Worldwide Locations

Worldwide Locations

A Coming Thaw in Thai-Cambodian Ties?




A Cambodian solider guards the grounds of the 11th-century Preah Vihear temple as tensions remain high on both sides of the border, on Feb. 8, 2011 in Preah Vihear, Cambodia. The 900-year-old temple belongs to Cambodia following a 1962 World Court ruling but this remains disputed by many Thais. (Paula Bronstein/Getty Images)

A Cambodian solider guards the grounds of the 11th-century Preah Vihear temple as tensions remain high on both sides of the border, on Feb. 8, 2011 in Preah Vihear, Cambodia. The 900-year-old temple belongs to Cambodia following a 1962 World Court ruling but this remains disputed by many Thais. (Paula Bronstein/Getty Images)

Yingluck Shinawatra's triumph in the recent Thai general elections creates space for rapprochement with Cambodia. 

Yingluck promptly promised to "restore good relations with neighboring countries" — a swipe at the outgoing government of Abhisit Vejjajiva, which presided over a tense period of Thai-Cambodian confrontation over Preah Vihear temple and other disputed sites.

The border dispute became entangled with the red-yellow rivalry in Thai domestic politics in 2008.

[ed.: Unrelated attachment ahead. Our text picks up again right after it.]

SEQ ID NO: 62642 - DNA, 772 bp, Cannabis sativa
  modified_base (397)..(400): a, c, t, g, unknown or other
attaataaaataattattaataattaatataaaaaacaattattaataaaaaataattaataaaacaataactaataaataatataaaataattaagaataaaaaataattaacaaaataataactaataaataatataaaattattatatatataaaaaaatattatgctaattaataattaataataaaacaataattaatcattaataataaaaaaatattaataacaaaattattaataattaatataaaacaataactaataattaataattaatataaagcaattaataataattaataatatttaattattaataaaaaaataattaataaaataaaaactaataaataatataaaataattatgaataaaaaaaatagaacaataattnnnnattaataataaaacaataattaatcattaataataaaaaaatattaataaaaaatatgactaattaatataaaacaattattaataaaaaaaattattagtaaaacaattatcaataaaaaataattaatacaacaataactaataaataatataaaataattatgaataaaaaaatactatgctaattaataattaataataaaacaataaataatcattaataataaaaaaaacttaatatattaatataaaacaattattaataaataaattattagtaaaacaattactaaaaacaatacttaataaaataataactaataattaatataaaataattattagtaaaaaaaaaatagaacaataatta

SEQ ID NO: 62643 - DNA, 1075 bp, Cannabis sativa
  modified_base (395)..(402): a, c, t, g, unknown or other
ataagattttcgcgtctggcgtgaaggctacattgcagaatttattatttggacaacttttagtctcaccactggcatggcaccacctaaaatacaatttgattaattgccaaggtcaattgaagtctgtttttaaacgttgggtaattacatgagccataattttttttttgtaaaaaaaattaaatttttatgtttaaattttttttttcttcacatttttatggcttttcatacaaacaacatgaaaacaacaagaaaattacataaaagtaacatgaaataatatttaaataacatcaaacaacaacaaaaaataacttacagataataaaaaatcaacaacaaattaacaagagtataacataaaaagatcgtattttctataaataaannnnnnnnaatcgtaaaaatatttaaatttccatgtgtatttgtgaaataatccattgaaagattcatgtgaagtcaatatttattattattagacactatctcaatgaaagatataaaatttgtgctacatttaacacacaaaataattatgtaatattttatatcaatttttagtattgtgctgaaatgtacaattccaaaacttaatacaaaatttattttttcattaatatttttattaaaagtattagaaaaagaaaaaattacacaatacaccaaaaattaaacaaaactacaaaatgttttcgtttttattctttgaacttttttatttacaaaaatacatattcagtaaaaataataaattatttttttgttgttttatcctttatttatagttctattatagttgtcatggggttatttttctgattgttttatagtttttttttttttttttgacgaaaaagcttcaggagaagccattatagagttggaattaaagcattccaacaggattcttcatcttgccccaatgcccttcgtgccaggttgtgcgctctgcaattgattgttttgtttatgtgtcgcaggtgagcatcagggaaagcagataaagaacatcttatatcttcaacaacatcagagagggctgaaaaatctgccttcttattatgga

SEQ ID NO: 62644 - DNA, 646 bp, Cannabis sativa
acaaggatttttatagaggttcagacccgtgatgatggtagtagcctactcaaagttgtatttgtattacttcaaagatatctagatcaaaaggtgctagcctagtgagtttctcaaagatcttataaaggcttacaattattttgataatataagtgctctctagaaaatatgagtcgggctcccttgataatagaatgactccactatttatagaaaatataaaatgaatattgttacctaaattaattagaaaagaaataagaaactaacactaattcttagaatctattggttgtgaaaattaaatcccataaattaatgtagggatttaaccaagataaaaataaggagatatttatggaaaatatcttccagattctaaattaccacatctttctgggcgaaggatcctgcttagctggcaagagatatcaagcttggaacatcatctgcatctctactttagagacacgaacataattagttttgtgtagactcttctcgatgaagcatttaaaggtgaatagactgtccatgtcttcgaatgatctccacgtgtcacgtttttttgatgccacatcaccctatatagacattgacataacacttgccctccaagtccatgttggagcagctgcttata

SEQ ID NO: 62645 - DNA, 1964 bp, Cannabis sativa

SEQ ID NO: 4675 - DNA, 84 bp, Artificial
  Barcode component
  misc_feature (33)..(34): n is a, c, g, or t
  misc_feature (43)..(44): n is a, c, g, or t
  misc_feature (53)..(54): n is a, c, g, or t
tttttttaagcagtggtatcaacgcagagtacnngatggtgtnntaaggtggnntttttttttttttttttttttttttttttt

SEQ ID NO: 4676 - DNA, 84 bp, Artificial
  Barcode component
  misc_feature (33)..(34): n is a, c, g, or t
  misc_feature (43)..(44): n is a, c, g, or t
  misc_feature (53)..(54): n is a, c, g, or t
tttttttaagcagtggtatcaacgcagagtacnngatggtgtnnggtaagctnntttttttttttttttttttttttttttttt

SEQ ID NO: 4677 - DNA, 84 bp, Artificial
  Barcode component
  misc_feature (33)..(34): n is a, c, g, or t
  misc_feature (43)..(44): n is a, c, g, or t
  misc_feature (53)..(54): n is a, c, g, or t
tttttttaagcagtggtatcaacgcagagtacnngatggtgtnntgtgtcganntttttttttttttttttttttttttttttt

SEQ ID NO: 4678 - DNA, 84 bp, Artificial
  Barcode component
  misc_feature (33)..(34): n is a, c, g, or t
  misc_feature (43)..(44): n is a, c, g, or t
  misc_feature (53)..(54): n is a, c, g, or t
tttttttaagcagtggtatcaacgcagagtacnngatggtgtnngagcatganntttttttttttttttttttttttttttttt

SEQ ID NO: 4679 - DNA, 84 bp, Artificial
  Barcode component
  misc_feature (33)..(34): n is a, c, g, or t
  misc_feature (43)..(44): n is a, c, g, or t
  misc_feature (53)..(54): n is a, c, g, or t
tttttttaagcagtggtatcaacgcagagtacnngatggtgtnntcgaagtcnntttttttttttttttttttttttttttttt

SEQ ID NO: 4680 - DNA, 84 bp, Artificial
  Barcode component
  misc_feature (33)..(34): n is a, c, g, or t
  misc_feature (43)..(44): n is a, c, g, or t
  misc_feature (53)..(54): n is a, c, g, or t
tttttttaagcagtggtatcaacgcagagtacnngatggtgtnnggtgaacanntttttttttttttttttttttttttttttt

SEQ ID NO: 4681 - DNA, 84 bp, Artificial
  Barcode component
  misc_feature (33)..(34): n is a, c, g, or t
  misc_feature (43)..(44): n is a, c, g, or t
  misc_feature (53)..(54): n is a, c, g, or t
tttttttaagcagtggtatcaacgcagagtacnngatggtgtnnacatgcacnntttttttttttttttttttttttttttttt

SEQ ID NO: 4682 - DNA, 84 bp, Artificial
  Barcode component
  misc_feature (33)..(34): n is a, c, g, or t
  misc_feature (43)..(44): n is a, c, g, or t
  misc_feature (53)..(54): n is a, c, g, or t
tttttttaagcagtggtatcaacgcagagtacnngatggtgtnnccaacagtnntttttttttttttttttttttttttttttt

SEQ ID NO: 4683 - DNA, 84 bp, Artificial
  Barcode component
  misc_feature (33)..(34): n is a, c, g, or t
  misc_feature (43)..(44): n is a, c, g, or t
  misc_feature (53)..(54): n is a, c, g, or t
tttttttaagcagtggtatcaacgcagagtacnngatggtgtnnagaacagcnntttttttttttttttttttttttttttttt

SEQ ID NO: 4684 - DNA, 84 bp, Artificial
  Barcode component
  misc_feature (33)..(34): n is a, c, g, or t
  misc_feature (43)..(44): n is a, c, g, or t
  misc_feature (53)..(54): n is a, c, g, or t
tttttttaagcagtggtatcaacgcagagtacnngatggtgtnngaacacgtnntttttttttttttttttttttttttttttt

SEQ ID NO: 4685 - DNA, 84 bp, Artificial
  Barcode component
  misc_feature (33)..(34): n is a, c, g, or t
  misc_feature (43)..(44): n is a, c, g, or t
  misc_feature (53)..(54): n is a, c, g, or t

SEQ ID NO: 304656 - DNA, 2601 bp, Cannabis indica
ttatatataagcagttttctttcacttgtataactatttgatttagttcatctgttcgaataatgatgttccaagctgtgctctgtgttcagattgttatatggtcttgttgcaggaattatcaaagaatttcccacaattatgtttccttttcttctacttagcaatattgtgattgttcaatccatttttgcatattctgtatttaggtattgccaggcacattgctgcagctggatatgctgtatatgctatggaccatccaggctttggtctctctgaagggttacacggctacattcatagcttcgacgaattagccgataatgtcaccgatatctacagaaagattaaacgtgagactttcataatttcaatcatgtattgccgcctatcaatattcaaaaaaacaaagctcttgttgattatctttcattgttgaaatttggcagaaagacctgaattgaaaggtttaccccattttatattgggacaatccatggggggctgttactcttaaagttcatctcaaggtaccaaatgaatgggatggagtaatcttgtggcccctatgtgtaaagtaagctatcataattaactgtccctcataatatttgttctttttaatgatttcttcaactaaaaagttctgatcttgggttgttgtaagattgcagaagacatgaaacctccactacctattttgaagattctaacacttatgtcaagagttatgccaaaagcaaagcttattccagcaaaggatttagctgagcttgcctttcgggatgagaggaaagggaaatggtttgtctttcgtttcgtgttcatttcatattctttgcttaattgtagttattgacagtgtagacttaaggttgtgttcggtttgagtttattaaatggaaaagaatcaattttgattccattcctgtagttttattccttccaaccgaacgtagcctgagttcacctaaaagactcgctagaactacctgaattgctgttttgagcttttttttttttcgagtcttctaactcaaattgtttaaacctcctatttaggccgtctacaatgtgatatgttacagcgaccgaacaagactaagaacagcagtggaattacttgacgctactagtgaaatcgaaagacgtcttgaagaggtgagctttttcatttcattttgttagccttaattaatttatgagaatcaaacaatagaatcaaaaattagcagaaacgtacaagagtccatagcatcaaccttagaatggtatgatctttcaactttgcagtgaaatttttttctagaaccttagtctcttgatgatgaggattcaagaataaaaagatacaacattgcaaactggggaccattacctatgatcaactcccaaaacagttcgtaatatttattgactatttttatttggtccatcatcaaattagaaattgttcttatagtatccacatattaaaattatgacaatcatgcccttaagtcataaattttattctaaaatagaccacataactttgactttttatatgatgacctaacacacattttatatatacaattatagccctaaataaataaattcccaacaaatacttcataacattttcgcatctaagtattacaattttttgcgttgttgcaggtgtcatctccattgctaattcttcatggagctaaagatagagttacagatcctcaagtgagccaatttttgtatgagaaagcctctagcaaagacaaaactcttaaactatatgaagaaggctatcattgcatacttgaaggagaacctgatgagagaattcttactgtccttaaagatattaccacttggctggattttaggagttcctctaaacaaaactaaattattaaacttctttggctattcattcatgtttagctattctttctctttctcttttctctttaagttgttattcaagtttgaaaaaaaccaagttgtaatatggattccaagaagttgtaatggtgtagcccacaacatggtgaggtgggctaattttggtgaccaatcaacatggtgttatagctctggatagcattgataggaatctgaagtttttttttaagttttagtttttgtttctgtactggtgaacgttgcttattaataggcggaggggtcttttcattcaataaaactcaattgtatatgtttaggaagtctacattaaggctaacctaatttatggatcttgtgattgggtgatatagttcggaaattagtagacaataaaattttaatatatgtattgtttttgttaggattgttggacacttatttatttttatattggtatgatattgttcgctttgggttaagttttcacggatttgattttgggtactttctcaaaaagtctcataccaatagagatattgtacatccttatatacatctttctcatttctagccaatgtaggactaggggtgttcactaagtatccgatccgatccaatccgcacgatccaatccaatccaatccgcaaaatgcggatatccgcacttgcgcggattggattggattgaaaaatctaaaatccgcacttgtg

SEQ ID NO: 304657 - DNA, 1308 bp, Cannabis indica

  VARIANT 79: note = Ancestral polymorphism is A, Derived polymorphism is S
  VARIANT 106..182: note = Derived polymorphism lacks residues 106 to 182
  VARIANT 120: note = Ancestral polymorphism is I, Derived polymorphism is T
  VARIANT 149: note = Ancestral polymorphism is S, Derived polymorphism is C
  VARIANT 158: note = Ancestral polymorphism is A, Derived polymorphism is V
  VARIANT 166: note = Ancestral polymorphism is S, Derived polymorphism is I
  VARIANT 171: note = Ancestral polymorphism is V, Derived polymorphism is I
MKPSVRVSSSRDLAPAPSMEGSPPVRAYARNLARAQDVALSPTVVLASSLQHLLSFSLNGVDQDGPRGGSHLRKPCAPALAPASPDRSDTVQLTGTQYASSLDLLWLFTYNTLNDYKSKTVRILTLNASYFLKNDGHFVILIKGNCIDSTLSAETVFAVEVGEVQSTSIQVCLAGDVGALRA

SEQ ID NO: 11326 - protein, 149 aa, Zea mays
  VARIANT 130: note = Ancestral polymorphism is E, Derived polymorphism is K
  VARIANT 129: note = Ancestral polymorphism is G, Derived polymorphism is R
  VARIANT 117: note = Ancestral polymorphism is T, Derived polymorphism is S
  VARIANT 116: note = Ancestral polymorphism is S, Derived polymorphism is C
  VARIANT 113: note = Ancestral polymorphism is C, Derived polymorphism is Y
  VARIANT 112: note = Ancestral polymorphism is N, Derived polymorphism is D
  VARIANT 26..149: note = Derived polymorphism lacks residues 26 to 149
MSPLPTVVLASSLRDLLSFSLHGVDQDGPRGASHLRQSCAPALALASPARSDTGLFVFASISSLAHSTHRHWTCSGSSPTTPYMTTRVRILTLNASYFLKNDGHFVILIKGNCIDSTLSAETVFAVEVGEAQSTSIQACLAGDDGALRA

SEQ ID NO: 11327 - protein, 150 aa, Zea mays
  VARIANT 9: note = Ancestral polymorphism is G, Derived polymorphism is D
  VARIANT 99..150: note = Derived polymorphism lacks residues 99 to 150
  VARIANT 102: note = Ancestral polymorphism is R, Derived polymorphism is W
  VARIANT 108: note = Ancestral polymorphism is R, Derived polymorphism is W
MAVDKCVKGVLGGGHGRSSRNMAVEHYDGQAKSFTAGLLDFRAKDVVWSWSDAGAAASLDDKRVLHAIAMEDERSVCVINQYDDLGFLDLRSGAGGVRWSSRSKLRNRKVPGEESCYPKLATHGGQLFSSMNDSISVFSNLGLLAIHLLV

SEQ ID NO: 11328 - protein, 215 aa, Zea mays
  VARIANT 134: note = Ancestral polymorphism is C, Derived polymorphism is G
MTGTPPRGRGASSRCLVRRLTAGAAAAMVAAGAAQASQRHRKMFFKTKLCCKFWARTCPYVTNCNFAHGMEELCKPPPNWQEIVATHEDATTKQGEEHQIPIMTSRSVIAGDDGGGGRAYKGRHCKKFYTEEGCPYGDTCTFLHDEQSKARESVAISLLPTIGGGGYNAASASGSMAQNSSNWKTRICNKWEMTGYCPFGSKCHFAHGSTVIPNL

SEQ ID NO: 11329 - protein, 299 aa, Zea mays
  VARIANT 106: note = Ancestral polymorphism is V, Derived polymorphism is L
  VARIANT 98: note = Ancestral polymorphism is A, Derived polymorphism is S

That year, yellow-shirt protestors flayed the "red" Thai government of Samak Sunrdravej for supporting Cambodia's request to register Preah Vihear as a UNESCO World Heritage Site. Anger over the alleged softness of the Samak government contributed to its replacement later that year by the "yellow" Abhisit administration, which took a harder line on the temple dispute.

In an act of defiance, Cambodian Prime Minister Hun Sen welcomed the exiled red-shirt leader Thaksin Shinawatra to Phnom Penh to serve as an "economic advisor" in 2009. Thaksin's younger sister Yingluck doubtlessly remembers the gesture and appears poised to pursue a thaw in relations.

She may not find that change an easy one, however. Some members of the Thai military aligned with Abhisit and favor a tough approach to the temples. They will likely oppose a precipitous shift in policy from Bangkok.

That could contribute to further domestic instability in Thailand or lead to acts of provocation at the border as generals seek to command continued resources and political attention. This will be one of many immediate tests for Yingluck's political adroitness.

John D. Ciorciari is an assistant professor at the University of Michigan's Gerald R. Ford School of Public Policy and Bernard Schwartz Associate Fellow at Asia Society. John is currently in Phnom Penh.

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